A useful reminder of just how disastrous Biden’s 1988 campaign for president was:
Joe Biden was riffing again — an R.F.K. anecdote, a word about “civil wrongs,” a meandering joke about the baseball commissioner — and aides knew enough to worry a little.
“When I marched in the civil rights movement, I did not march with a 12-point program,” Mr. Biden thundered, testing his presidential message in February 1987 before a New Hampshire audience. “I marched with tens of thousands of others to change attitudes. And we changed attitudes.”
More than once, advisers had gently reminded Mr. Biden of the problem with this formulation: He had not actually marched during the civil rights movement. And more than once, Mr. Biden assured them he understood — and kept telling the story anyway.
By that September, his recklessness as a candidate had caught up with him. He was accused of plagiarizing in campaign speeches. He had inflated his academic record. Reporters began calling out his exaggerated youth activism.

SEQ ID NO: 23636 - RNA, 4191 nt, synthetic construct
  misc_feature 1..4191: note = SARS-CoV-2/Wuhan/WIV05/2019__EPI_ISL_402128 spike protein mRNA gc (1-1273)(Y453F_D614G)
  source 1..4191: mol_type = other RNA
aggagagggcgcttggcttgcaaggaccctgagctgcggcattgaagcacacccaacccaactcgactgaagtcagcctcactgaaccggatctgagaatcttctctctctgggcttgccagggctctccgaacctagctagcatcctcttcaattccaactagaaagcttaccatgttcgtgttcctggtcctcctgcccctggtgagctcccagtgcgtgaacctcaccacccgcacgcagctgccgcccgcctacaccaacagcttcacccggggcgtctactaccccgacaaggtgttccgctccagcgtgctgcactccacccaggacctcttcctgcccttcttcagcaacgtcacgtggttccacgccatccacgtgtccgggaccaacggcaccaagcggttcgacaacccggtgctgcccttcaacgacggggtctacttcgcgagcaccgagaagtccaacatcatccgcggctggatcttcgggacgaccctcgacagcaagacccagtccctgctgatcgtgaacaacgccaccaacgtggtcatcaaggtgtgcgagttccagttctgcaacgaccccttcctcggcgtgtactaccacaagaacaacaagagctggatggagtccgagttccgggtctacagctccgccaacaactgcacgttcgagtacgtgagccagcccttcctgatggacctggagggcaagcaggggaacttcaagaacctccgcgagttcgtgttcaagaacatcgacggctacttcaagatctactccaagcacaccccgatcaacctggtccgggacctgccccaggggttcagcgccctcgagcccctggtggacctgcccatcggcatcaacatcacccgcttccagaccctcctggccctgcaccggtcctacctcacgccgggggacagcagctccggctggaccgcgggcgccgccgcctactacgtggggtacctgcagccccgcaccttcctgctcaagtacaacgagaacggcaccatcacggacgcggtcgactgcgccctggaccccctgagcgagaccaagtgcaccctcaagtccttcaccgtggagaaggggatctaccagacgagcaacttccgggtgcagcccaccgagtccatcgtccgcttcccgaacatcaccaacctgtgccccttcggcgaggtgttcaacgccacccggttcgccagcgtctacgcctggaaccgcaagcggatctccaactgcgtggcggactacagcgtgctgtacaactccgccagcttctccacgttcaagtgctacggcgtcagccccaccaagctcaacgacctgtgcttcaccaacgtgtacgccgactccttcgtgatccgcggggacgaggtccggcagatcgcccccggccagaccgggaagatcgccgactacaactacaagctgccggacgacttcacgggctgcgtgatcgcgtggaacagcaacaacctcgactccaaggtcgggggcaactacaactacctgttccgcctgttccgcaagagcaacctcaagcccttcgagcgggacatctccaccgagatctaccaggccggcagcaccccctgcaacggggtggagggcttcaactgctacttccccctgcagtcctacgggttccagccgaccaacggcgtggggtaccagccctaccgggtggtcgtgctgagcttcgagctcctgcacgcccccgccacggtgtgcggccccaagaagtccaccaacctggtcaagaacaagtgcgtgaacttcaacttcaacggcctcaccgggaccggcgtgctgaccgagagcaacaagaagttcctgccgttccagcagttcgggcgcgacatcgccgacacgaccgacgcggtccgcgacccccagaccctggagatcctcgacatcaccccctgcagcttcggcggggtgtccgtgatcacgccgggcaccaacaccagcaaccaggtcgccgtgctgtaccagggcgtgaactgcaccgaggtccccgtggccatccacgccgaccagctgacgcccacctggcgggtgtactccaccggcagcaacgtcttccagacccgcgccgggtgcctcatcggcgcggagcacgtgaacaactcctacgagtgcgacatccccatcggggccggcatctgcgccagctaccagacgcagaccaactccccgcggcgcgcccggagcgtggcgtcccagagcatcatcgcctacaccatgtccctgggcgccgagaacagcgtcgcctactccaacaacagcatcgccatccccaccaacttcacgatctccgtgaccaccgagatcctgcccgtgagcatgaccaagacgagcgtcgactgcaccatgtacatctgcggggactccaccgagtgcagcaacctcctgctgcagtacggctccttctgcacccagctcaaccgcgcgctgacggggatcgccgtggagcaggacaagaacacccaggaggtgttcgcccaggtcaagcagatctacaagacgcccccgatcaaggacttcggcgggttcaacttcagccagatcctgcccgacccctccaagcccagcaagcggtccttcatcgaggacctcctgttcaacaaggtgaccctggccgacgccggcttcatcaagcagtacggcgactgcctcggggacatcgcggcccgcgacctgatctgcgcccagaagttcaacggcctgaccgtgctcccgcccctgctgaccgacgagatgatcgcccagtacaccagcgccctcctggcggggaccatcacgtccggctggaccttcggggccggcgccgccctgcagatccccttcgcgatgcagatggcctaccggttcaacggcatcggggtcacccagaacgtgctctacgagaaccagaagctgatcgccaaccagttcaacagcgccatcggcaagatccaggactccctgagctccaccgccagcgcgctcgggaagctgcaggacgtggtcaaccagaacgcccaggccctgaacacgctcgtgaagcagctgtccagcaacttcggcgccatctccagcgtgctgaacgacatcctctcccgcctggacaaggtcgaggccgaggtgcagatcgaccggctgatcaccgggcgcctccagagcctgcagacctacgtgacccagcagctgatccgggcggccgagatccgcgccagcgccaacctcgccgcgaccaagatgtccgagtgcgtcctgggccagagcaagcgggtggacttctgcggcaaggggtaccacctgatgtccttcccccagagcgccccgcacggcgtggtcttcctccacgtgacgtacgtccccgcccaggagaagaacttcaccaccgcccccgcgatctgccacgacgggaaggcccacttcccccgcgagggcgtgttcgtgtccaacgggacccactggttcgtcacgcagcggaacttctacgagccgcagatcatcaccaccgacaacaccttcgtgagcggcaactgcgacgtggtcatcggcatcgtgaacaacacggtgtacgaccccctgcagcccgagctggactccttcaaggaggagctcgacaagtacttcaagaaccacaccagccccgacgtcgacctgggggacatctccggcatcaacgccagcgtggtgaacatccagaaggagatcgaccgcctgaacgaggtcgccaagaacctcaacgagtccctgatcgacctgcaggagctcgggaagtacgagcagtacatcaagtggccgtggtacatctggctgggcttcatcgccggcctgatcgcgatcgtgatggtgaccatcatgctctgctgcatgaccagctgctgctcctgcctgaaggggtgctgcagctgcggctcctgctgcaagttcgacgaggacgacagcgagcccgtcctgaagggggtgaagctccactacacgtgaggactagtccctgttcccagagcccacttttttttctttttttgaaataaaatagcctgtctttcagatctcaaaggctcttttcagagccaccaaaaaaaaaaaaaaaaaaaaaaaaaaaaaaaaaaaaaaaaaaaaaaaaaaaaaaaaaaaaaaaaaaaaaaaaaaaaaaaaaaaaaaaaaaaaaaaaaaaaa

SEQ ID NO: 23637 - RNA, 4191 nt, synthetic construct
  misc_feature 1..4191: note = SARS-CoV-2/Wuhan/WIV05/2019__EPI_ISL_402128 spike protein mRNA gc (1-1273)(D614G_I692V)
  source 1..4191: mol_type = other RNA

“I’ve done some dumb things,” Mr. Biden conceded at a stop-the-bleeding news conference at the Capitol. “And I’ll do dumb things again.”
He vowed that day to fight on. He quit the race within a week.
Well, I certainly still see no downside to someone whose strategy is to avoid campaigning being the 2020 nominee, particularly when “electability” is pretty much all he’s selling.